Experts: Global Political and Security Risks Abound

By Beth Mirza Mar 2, 2010
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As countries and global businesses begin the climb out of recession, new challenges and threats are appearing on ​the horizon—along with new leaders and collaborators, say global security and business experts.

During a webcast sponsored by International SOS, a medical and security services firm, and Control Risks, a specialist risk consultancy with locations around the world, experts discussed global political and security risks that might pop up in 2010 for businesses to be aware of.

Analysts have seen a slow and unsteady financial recovery over the past two quarters, said Jonathan Wood, global issues analyst for Control Risks. “This is one of the most severe recessions of the post-war era,” he told webcast participants, worse than the oil crisis in the 1970s and the stock market crashes of the 1980s. However, the return to growth has been quicker and stronger than in previous downturns. Wood credited the revival to “unprecedented cooperation at the global level, particularly among the G20… [and] emerging economies coming into their political strength as key global players,” with agreements to support social safety nets, infrastructure, banking economies in the United States and Europe, and the preservation of free trade.

“Significant insecurities are coming, though,” Wood said. During the recession, governments made promises to their citizens that they now must keep, and they might find it difficult to do so. Unemployment is on the rise—as it normally will be for several quarters after a recession, Wood said. Countries could be tempted to turn away from their global partnerships to focus on domestic issues, he added.

Succession and regime change will shake up some countries in the Middle East and Africa, Wood said, particularly in Algeria and Libya. “There’s not always a clear sense of who’s waiting in the wings to take over. There may be family members [but] we’re not sure how contested the regime change will be,” he added.

Organizations doing business in countries with “street politics,” where violence might accompany a change in leadership, will have to factor these changes into their strategic and operational decisions. Key government ministers and officials might be out of office, and along with them partnerships or networks businesses had established. Potential violent conflicts should prompt organizations to make sure that their crisis management, evacuation and security plans are in good shape, Wood said.

Businesses should be particularly aware of three nations this year, Wood said: Iran, Iraq and China. Iran faces its fourth round of sanctions for its nuclear program, but it is unlikely that the United States or Europe will intervene militarily. Iraq’s government has stabilized and the country is no longer hostile to foreign businesses, Wood said. The country might undergo a change in leadership, and while analysts say there might be some violent protests, they won’t last. China has been a significant player in the financial crisis and recovery, making great strides outside its borders and increasing its role and weight in geopolitical affairs, Wood said. “We see greater integration of China into global institutions” and strategic issues like climate change, Iran, global finance and monetary issues, he added.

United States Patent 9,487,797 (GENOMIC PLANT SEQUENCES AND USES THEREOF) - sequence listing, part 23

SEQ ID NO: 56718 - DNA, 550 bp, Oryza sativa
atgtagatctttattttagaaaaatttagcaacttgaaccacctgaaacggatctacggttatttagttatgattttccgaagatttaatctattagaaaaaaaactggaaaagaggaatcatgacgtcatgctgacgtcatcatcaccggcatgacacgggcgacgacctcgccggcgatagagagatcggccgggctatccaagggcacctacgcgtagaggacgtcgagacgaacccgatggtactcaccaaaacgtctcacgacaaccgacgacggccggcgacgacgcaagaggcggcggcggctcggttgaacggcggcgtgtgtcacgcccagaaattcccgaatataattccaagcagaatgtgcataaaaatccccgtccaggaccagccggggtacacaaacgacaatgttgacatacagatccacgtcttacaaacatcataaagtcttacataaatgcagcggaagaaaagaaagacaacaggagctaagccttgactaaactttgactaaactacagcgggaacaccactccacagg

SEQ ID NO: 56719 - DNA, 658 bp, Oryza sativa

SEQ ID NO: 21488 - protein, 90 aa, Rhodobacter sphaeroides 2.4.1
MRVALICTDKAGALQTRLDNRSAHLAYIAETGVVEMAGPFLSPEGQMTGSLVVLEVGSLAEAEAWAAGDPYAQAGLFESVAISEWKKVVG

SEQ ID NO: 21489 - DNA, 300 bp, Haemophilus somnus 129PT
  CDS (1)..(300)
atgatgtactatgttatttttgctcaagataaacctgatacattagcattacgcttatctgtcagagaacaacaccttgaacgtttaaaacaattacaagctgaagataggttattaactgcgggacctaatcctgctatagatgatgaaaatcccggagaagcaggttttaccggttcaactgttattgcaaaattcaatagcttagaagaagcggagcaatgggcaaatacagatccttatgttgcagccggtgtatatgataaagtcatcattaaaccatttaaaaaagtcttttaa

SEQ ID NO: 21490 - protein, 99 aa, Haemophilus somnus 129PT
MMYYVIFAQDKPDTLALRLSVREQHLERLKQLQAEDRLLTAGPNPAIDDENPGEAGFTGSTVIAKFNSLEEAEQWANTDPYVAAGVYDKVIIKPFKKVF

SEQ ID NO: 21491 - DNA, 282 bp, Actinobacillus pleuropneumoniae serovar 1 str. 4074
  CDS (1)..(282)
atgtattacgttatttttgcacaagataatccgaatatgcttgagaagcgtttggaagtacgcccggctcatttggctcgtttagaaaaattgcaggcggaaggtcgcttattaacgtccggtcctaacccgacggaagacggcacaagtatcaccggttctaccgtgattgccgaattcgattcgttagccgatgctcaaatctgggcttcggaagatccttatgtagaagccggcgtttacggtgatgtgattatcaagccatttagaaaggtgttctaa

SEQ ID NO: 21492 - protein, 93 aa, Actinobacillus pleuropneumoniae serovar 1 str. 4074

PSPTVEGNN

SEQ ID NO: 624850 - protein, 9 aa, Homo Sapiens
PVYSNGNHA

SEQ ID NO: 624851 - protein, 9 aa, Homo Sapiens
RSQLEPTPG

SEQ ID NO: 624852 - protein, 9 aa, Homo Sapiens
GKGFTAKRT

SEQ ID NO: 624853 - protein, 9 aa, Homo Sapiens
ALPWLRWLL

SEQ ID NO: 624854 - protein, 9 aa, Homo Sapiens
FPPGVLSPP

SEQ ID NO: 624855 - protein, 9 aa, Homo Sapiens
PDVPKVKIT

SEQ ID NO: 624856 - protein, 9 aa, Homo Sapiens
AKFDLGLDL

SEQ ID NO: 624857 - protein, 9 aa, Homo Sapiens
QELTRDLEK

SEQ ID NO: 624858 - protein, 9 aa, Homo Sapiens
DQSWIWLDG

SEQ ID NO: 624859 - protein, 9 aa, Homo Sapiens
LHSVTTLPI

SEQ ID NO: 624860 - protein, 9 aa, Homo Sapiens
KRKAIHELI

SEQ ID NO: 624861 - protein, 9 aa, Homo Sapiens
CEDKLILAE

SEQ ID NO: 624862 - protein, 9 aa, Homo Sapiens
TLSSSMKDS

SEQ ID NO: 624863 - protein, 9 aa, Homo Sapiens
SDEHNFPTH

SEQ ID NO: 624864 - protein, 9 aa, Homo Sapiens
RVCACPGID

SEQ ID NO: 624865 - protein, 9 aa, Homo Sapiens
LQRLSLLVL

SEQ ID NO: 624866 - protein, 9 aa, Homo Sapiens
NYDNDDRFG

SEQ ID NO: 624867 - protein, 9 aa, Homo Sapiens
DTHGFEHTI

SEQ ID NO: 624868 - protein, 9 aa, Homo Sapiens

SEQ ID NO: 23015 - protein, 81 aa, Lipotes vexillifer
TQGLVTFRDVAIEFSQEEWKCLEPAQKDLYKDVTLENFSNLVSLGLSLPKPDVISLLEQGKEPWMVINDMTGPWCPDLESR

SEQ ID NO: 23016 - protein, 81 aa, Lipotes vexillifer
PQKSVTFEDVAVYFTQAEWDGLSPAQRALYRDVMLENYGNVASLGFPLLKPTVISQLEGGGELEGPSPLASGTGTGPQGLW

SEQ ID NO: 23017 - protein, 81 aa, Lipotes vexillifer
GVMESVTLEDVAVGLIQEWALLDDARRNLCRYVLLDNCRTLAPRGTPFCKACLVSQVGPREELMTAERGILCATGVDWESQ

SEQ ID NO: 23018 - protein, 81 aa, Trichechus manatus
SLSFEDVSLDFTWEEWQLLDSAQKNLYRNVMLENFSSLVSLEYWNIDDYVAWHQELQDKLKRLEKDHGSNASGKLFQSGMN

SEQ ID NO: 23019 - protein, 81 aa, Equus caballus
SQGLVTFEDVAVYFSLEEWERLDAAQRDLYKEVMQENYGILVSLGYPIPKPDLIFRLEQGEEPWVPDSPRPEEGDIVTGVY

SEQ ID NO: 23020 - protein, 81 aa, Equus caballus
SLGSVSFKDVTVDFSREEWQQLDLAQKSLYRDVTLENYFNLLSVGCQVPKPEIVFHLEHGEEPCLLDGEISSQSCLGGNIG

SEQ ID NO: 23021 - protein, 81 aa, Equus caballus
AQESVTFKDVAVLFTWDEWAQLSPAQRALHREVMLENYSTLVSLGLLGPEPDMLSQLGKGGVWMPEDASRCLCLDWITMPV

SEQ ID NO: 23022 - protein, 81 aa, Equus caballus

Organizations face greater danger at sea than they have previously. Piracy is on the rise in the waters around the Horn of Africa, Somalia, Southeast Asia, West Africa and the Gulf of Guinea, Wood said. Pirates are more professional, sophisticated and capable than before, and they are able to attack offshore oil and gas producers. In the South China Sea and Indonesia, particularly, firms dealing with the global recession have been unable to beef up security to deal with pirate attacks, Wood said.

Terrorist networks are changing their patterns of attacks, as plots to hit major cities and significant landmarks have been foiled, Wood said. Jake Stratton, general manager of global risk analysis at Control Risks, pointed out the Feb. 13, 2010, bombing at the German Bakery in Pune, India, which killed nine people and injured 53. The location was a favorite of tourists, even though the city is two to three hours away from Mumbai. “What it shows is the capacity of terrorists to surprise and not conform to form. Pune is a second-tier city … and not an obvious target. It was obviously aimed [to] hurt westerners. There is a growing expat community there.

“It tells us we can never be too careful. The terrorism threat is not confined to big cities. Terrorists will move to softer targets if prestige targets are out of reach.”

Protecting Human Capital

Organizations should protect their employees traveling to other countries, their expatriates and workers hired in other countries who then move to a third country as part of their jobs, said Alex Puig, regional security director, Americas, for Travel Security Services, a joint venture of International SOS and Control Risks.

“In this globalization epoch, more companies find themselves out of necessity moving into new markets. More of your corporate value—your human capital—is at risk,” Puig said. Look not only at international air travel but also railway, domestic flights and local roads. “These are things to understand about the countries you operate in.”

Don’t allow yourself to become overconfident, even if you’ve had operations in the country for several years, Puig warned.

“No matter how good you think you are, you will always have gaps. You must constantly review” risk management plans, he said.

Beth Mirza is senior editor for HR News. She can be reached at

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